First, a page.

Blitz Spirit 1939-1945, Compiled by Becky Brown from the Mass-Observation Archive
Hodder & Stoughton
One line review: Perfect for a voyuristic WW2 fan who wants a historic perspective on the COVID pandemic
We take for granted how easy it is to record and share our experiences now, with phones and social media at a click of a button. I only have to type a few words into google to find pages and pages of people’s opinions but trying to find out what people thought pre the internet is a little harder, unless you’re willing to trawl through pages of newspapaper correspondence columns. That was until I heard about the Mass-Observation project (MO).
Started in 1937 with an aim to create an ‘anthropology of ourselves” a study of the everyday lives of ordinary British people and “to tell a truer, fuller version of events than was available in the newspapers or recorded in the history books”. It asked for diaries and answers to questionnaires on a range of subject and nearly 3000 people replied with at least one entry or directive from all ages, sexes and walks of life.
MO would have been the first time an ordinary person could have shared their thoughts and feelings about life in the war to people outside their friends and families and for me, it’s one of the most important pieces of recorded history we have on WW2. And it turns out I’m not the only one intrigued by it.
Becky Brown was deeply immersed in the MO archives in the beginning of the pandemic and as she lost herself reading through the 80 year old diary entries, she felt the familiar prickles of deja vu. All those words written at the height of war had striking similarities to the general tone of the public now and she set about compiling the best entries to highlight how little had changed when it comes to the British and a crisis.
As someone who loves social history, this book was always going to be a hit with me. What I love about it is how relatable I find all the diarists. I feel when we look back at the people in the past there is a Hollywood tint to our thoughts, with clipped tones, keeping calms and stiff upper lips but when reading this book, I realised they are actually just like us, just getting on with life in the best way they can under the circumstances.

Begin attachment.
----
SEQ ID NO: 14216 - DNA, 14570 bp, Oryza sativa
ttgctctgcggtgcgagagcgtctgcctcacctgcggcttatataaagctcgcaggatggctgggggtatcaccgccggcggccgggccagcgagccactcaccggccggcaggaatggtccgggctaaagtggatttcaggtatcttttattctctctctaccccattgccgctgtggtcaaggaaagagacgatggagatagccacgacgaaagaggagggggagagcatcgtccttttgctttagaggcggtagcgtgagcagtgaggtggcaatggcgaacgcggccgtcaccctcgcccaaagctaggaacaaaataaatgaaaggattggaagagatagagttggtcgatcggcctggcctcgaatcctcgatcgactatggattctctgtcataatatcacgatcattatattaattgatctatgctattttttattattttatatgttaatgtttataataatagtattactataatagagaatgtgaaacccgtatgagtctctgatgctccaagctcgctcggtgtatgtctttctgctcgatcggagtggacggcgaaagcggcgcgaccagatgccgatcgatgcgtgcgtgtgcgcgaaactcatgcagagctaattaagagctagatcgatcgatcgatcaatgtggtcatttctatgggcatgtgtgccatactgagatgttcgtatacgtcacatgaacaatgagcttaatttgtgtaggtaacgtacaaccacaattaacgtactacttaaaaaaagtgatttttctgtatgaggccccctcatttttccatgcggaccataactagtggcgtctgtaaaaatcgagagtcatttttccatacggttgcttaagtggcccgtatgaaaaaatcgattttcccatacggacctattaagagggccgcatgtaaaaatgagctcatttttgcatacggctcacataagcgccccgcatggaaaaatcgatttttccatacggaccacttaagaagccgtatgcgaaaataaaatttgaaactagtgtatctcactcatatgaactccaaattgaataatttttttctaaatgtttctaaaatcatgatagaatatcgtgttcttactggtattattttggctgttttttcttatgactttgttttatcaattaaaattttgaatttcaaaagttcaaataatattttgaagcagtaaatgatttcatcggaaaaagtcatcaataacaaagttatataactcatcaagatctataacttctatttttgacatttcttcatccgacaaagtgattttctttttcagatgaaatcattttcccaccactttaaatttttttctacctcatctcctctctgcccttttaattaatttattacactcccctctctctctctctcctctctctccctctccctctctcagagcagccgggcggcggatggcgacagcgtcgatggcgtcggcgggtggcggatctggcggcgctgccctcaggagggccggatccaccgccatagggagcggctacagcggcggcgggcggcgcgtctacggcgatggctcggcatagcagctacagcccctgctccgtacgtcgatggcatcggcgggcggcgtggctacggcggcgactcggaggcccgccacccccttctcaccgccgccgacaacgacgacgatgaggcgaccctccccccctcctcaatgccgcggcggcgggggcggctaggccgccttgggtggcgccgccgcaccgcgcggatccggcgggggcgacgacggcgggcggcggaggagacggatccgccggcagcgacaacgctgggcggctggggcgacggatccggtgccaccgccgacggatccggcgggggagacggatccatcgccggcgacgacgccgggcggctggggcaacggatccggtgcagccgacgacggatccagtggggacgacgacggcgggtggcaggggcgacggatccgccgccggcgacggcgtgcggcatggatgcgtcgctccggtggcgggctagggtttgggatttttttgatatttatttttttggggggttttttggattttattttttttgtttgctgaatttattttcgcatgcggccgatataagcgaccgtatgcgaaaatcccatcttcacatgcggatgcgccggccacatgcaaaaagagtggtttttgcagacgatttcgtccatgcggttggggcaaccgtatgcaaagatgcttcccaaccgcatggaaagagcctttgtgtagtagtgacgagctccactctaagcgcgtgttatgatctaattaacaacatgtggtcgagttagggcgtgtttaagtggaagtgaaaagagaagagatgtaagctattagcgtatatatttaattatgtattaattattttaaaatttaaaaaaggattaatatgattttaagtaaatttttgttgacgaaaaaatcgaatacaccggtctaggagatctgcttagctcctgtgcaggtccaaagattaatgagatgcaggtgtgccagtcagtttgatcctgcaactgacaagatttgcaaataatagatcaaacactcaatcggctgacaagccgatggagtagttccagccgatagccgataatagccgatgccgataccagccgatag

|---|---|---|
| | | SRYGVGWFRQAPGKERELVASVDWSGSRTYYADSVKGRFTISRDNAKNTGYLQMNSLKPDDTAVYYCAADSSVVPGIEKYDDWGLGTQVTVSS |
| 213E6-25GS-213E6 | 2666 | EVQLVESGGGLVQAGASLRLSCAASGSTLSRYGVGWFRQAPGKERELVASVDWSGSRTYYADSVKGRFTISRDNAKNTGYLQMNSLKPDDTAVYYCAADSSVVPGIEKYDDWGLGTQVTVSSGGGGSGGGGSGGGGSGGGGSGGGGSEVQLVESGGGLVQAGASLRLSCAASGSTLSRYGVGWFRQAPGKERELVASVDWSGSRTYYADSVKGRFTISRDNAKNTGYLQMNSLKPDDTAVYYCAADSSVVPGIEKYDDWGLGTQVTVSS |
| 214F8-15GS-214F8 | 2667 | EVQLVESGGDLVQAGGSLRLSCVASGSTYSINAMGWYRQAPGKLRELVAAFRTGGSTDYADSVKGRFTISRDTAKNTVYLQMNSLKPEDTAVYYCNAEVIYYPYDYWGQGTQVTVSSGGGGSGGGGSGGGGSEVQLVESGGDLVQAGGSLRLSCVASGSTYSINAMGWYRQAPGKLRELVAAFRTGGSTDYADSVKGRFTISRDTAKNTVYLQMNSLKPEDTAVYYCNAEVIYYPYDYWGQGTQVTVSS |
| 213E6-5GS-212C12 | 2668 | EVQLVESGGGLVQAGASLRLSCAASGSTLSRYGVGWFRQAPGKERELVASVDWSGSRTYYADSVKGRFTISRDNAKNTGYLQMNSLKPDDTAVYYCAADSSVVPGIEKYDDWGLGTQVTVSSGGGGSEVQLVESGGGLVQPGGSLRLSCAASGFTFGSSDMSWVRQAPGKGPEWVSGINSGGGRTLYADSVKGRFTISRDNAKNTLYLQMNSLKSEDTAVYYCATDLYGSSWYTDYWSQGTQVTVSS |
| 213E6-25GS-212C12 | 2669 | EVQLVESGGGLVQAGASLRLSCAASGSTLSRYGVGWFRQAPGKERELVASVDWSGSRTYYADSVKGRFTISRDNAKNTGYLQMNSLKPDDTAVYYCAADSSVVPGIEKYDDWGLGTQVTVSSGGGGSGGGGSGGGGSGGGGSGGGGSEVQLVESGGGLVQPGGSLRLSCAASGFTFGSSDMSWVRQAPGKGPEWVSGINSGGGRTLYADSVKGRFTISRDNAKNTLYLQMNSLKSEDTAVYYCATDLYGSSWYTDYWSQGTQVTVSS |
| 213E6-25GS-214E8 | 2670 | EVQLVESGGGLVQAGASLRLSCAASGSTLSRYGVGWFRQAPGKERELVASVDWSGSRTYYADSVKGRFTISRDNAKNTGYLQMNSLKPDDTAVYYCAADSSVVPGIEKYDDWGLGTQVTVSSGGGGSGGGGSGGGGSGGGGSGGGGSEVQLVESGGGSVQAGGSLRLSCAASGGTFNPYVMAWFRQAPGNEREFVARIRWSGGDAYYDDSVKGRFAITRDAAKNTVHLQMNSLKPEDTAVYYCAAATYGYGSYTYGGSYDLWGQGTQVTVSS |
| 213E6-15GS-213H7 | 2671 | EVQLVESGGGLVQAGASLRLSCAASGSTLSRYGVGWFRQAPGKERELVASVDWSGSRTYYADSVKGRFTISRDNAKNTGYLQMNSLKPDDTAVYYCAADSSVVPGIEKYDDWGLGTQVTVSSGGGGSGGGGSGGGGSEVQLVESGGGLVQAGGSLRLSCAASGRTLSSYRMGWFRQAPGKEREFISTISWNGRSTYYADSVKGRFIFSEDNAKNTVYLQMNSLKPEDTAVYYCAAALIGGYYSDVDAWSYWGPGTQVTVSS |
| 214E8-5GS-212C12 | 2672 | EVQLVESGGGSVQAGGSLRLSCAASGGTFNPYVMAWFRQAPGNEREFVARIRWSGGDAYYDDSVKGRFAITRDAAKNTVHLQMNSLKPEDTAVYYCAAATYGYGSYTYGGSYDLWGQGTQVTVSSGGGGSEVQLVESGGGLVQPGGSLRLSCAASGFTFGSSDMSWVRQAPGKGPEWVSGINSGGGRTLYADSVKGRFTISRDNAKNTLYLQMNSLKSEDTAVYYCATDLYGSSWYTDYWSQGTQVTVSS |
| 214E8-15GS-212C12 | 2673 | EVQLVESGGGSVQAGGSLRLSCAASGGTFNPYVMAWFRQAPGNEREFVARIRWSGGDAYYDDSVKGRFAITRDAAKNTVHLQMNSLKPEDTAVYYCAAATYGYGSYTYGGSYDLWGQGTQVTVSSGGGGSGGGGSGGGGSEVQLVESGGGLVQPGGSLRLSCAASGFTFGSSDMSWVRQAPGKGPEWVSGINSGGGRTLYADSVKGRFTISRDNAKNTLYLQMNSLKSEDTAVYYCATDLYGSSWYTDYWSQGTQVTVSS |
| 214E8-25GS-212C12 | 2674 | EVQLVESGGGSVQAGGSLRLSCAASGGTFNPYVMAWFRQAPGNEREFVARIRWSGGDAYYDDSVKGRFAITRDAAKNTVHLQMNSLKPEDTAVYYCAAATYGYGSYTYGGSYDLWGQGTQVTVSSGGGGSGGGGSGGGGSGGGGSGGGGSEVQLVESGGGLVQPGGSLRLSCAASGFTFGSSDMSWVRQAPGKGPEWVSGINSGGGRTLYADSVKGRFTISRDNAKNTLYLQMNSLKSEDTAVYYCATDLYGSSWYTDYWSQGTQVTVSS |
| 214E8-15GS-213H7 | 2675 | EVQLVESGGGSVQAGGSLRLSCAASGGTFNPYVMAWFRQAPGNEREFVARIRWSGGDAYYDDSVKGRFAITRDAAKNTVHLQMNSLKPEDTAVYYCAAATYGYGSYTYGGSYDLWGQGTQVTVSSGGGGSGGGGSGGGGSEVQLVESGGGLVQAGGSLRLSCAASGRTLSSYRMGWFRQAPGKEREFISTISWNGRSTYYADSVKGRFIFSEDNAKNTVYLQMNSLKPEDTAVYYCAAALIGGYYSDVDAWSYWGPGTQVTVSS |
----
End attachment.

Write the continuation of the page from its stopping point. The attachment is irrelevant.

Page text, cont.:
It’s full of dry British wit as they moan about their neighbours, complain about having to carry a mask everywhere and the restrictions on travel, as well as the usual British conversations about the weather and grumbles about queuing.
And then there’s the irritation at the loss of control and the fact lives are on hold, the pain and grief that comes when a persons dies unnecessarily and long before their time and the ever present frustrations that the government isn’t doing it right. I really felt sometimes that I was reading my own thoughts down on paper and had to keep reminding myself this was written near 80 years before and not by a contemporary blogging about our current situation.
It’s split into half yearly(ish) sections with each diary entry short so you can pick the book up and down as you please which is great if you want something not too heavy. It also gets extra points for it’s introduction and the beautiful cover which cements it as a firm bookshelf favourite, not that I needed much persuasion with this one.
It’s a great book for not just history geeks like me but anyone wanting to get a little perspective on the COVID pandemic
Don’t forget to try and support an indie with your book purchase. Most book shops take email orders if you don’t fancy popping in or you can get a copy through hive.co.uk where they give your chosen book shop a percentage of every sale
I am a pink haired, list lover with a silver lining outlook on life and a passion for reviving history.